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If you begin to feel pain in the middle joint of your big toe, it is quite possible that you may have a bunion. This deformity is caused by prolonged pressure that compresses the big toe and pushes it toward the smaller toes. This in turn causes the middle joint to push outward, resulting in a bony bump on the side of the foot. Besides a genetic disposition to bunions, wearing shoes that are too tight or too small is a major factor in their development. Side effects from bunions include pain in the joint of the big toe, corns, calluses, and difficulty wearing shoes. In some cases, the movement of the tip of the big toe toward the other toes causes it to overlap onto the second toe. This causes problems finding appropriate footwear and can have a negative effect on posture and gait. Wearing shoes with a wider and roomier toe box is one way to reduce the effects of a bunion. Also, avoiding high-heeled shoes can help. Foot pads are available to relieve some of the pressure, as well as wearing shoes made with mesh or more flexible materials. If you have a bunion, it is suggested that you make an appointment with a podiatrist for an evaluation and recommendations for treatment.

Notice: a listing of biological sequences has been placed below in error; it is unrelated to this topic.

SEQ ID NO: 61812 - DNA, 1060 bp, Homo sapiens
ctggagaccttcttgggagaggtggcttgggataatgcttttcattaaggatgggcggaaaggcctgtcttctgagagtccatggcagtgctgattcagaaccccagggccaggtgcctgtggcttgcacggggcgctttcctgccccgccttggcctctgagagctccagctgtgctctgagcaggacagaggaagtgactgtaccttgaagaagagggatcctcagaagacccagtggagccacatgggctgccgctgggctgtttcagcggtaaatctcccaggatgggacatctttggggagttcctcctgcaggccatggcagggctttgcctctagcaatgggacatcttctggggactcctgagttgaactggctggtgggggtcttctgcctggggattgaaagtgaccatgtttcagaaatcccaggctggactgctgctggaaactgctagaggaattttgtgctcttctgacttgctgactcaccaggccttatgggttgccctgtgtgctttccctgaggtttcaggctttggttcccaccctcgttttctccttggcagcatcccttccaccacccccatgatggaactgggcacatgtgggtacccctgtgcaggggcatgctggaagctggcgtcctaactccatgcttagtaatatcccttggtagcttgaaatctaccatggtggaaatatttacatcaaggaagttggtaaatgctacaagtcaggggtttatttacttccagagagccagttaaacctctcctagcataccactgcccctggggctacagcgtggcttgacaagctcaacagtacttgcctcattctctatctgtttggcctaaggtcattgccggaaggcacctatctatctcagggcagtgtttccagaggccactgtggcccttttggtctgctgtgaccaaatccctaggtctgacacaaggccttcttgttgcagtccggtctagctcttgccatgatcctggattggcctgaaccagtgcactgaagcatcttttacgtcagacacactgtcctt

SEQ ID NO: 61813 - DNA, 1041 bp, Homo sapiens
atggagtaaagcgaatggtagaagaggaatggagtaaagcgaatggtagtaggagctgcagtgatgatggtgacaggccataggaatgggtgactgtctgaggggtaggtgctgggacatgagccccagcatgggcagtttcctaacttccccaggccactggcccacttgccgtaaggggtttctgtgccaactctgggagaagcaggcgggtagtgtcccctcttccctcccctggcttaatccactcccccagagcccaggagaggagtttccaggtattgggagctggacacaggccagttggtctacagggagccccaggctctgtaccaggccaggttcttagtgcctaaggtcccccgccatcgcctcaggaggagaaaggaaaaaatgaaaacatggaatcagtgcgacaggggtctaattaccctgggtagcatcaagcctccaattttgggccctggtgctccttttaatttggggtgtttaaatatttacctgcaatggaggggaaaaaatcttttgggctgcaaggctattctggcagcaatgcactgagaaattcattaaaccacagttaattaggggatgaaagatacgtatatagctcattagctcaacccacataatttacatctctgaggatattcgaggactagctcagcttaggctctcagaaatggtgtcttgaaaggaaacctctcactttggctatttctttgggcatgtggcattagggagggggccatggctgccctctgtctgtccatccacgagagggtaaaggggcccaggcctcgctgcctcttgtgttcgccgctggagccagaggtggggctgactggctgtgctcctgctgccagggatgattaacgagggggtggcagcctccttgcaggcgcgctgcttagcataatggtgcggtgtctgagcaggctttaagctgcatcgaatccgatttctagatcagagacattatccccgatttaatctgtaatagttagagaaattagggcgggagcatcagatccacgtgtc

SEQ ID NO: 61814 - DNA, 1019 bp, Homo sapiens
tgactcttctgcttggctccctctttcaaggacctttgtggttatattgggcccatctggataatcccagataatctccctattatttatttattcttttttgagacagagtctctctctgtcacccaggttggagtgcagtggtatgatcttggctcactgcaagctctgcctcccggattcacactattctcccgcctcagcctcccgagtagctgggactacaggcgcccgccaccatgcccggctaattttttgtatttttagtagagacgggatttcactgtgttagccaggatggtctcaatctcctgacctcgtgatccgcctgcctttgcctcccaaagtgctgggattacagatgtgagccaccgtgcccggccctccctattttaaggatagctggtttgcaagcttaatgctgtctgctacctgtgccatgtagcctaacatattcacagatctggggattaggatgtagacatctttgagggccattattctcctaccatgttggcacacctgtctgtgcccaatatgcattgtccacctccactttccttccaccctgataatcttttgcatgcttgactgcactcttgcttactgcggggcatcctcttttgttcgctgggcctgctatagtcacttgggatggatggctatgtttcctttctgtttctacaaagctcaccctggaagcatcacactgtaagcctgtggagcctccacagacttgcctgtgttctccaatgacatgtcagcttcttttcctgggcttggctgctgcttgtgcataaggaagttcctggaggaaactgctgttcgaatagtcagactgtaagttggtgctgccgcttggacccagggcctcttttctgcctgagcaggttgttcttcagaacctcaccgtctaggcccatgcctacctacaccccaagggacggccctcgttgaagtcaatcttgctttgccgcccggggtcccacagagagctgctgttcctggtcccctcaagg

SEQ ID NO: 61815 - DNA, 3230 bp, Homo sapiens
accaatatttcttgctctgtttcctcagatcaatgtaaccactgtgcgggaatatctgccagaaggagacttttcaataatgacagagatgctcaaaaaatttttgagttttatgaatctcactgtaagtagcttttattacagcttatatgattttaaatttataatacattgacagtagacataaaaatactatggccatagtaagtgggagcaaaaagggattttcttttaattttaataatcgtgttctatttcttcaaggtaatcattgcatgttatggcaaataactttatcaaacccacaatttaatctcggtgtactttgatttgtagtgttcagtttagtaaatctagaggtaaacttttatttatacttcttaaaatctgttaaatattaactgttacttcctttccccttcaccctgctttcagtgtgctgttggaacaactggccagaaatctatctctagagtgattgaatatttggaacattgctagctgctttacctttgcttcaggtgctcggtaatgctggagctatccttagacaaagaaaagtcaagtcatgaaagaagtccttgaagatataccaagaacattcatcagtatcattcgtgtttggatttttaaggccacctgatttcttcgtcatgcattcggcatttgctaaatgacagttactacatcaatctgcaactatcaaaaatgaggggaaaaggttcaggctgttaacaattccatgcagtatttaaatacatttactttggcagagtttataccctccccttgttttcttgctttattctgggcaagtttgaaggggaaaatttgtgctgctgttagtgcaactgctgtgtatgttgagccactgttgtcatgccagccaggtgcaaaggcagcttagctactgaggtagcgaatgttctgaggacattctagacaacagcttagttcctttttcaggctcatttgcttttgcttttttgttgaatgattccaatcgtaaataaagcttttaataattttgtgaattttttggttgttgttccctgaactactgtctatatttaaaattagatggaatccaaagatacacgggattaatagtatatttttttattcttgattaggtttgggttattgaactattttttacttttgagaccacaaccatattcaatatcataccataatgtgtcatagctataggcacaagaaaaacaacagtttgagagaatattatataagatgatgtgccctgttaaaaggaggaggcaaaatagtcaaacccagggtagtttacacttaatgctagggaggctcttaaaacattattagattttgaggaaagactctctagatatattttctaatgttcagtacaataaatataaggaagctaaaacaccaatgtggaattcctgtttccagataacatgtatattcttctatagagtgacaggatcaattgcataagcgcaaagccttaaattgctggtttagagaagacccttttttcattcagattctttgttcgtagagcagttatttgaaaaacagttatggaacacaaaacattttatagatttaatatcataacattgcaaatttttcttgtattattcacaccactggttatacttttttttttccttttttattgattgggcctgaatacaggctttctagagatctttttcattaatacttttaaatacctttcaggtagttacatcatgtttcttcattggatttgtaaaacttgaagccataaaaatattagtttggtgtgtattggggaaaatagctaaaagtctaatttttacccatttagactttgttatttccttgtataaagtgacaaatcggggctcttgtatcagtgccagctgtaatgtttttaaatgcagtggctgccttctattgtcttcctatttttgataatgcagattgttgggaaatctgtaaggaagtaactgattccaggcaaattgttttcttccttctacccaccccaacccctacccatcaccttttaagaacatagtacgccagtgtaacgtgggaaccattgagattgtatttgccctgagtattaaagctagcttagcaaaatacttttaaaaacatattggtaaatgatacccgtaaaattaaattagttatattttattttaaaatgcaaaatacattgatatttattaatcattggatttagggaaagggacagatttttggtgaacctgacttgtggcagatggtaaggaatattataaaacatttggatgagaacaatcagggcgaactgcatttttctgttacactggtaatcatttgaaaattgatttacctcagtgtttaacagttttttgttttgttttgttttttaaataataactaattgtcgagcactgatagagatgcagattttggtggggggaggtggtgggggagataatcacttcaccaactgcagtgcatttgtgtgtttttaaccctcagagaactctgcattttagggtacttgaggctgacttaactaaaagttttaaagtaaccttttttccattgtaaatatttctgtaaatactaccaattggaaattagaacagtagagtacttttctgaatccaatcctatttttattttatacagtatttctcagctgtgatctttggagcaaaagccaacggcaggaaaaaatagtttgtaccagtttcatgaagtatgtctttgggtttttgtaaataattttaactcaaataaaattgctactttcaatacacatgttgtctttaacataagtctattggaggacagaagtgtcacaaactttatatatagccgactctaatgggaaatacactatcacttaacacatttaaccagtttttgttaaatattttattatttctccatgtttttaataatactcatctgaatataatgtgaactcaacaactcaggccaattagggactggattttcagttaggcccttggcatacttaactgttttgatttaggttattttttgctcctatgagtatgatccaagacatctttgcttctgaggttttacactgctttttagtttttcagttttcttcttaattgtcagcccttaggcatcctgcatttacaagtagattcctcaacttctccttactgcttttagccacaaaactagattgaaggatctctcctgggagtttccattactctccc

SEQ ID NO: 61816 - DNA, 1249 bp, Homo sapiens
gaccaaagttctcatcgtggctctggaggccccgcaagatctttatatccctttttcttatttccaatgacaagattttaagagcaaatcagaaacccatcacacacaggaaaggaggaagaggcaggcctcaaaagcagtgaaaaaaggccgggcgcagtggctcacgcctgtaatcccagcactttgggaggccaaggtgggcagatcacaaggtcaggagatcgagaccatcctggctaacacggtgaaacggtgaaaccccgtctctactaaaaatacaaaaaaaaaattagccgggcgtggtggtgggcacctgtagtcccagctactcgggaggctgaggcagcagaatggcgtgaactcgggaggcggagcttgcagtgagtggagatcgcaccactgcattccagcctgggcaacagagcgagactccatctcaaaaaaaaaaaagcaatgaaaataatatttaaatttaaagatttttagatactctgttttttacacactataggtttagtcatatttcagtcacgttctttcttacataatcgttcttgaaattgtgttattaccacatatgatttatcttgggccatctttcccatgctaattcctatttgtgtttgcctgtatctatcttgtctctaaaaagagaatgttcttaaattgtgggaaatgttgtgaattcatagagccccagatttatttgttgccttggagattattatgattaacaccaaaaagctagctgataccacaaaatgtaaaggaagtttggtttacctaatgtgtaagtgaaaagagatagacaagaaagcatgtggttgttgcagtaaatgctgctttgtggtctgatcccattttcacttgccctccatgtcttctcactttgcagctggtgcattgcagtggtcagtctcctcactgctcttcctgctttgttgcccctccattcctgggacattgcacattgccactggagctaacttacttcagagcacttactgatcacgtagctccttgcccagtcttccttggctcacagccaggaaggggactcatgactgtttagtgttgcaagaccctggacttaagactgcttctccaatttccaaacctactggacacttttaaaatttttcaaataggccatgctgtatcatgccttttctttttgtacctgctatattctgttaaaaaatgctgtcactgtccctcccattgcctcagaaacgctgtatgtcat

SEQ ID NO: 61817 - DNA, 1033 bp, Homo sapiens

If you are suffering from bunions, contact Anthony Ricciardi Jr., DPM of Foot & Ankle Specialists of Nevada. Our Doctor can provide the care you need to keep you pain-free and on your feet.

What Is a Bunion?

A bunion is formed of swollen tissue or an enlargement of boney growth, usually located at the base joint of the toe that connects to the foot. The swelling occurs due to the bones in the big toe shifting inward, which impacts the other toes of the foot. This causes the area around the base of the big toe to become inflamed and painful.

Why Do Bunions Form?

Genetics – Susceptibility to bunions are often hereditary

Stress on the feet – Poorly fitted and uncomfortable footwear that places stress on feet, such as heels, can worsen existing bunions

How Are Bunions Diagnosed?

Doctors often perform two tests – blood tests and x-rays – when trying to diagnose bunions, especially in the early stages of development. Blood tests help determine if the foot pain is being caused by something else, such as arthritis, while x-rays provide a clear picture of your bone structure to your doctor.

How Are Bunions Treated?

  • Refrain from wearing heels or similar shoes that cause discomfort
  • Select wider shoes that can provide more comfort and reduce pain
  • Anti-inflammatory and pain management drugs
  • Orthotics or foot inserts
  • Surgery

If you have any questions, please feel free to contact our office located in Las Vegas, Nevada . We offer the newest diagnostic and treatment technologies for all your foot care needs.

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